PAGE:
The government plans to introduce Ginisiriya wood as an alternative for fuel and towards this end it has launched the cultivation of 2,000 hectares of the tree, a senior minister said yesterday.
Minister of Power and Renewable Energy Ranjith Siyambalpitiya said that today, bio mass fuel usage in association with wood contributes to a large extent of the demand for energy in our country. However the use of this fuel is informal though more profitable and is a source that causes minimum damage to the environment.
He said, "A large sum of money goes to foreign countries for coal and fuel. It is 40 per cent of our import cost. Therefore, we should use other alternate energy. This project which we are launching today will see the commencement of cultivating 2,000 hectares with Ginisiriya (Gliricidia Sepium) plants as an initial step. Subsequently arrangements will be made to set up centres, where this wood is collected according to a standard, across the country.
This can become a source of self-employment in the future for our people. A pepper creeper can be planted around the Ginisiriya plant in your home garden and the leaves can be used as fertilizer while the branches can be handed over to the assembling centre and an additional income can be earned. It is this national process that we commenced. As a leader who loves the environment and this national programme, the President provides us with leadership. Therefore it is required that the people work within this programme with extensive understanding."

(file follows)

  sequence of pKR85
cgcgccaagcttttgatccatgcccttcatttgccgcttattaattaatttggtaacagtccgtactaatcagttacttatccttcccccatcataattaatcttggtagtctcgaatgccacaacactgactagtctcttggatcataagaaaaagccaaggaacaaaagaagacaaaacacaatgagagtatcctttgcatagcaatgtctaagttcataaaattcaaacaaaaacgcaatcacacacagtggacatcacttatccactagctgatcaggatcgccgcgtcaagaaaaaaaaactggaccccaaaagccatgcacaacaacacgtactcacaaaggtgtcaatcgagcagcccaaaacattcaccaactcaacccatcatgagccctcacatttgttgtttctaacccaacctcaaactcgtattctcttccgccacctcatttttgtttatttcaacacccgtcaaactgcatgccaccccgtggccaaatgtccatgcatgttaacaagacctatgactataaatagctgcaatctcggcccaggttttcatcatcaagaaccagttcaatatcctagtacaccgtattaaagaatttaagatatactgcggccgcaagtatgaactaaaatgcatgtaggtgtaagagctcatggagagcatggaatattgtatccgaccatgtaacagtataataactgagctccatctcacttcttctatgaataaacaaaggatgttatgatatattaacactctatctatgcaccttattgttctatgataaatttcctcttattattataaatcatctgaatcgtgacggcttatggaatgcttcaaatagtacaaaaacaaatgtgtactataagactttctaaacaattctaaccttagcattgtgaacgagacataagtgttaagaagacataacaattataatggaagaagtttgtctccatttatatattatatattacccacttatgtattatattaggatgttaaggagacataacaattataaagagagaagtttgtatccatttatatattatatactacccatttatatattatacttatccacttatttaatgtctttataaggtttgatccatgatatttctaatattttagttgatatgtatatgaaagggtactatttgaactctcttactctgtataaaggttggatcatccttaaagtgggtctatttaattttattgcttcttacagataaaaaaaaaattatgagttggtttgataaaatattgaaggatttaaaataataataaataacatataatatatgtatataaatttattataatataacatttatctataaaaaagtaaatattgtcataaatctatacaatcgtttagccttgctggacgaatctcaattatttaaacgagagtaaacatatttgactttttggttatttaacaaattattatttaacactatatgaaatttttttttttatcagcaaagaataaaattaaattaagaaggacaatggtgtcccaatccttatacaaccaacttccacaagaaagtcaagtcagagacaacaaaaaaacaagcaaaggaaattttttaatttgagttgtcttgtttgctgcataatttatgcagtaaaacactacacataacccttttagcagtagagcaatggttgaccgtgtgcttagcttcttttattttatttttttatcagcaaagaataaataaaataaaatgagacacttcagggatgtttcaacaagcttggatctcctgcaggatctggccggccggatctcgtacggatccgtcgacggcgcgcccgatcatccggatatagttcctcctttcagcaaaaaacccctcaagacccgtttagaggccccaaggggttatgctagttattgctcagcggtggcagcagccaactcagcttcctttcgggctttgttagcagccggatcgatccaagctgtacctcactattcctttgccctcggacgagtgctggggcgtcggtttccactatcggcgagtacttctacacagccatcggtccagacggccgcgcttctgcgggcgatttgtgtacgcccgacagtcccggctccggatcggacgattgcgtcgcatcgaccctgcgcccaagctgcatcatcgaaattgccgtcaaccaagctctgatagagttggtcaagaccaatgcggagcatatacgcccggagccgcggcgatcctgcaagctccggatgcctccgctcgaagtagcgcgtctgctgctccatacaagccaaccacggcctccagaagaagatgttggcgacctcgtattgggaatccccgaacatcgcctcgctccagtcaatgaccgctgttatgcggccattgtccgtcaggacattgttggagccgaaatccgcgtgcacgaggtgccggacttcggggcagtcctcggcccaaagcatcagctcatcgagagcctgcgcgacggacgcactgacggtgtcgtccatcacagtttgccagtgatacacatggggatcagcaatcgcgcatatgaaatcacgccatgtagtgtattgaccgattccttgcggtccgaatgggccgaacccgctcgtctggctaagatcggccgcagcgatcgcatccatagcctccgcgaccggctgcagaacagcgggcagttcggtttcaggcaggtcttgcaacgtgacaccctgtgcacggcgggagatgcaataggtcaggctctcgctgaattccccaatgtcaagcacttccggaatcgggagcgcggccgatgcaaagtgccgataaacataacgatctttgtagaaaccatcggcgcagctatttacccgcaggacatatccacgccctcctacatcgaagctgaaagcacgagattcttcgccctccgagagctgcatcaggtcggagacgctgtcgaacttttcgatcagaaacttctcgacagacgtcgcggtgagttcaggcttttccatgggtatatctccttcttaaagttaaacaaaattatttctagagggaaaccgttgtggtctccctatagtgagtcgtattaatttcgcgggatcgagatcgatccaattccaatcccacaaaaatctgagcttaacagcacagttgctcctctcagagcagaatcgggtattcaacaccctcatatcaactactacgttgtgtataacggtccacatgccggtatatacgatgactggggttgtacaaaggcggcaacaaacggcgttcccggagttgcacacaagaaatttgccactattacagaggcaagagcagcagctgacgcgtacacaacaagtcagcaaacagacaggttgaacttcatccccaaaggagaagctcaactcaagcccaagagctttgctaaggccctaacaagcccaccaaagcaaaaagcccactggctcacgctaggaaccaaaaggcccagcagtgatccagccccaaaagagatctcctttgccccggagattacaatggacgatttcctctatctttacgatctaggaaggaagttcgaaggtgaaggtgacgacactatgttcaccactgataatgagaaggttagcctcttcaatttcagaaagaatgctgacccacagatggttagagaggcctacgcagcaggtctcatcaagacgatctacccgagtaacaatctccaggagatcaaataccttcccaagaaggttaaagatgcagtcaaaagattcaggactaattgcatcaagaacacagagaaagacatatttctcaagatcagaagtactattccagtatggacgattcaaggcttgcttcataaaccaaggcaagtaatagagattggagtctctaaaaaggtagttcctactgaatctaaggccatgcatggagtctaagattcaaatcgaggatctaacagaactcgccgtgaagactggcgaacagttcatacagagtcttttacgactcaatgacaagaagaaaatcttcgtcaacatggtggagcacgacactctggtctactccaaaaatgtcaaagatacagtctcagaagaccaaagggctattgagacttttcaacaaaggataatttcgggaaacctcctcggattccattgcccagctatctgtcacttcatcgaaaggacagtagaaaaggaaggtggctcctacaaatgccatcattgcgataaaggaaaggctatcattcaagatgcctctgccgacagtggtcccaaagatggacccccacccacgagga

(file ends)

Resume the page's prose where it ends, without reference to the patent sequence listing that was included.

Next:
The minister made these observations at the Eppawala Forest Conservation Office, while participating in the project of cultivating Ginisiriya and at the foundation laying ceremony for the wood assembling factory located between Mawathagama and Muwangama in Kurunegala.
This project is being implemented as a joint operation of the Sri Lanka Renewable Energy Authority, the United Nations World Food and Agriculture Development Programmes as well as the Ministry of Power and Renewable Energy.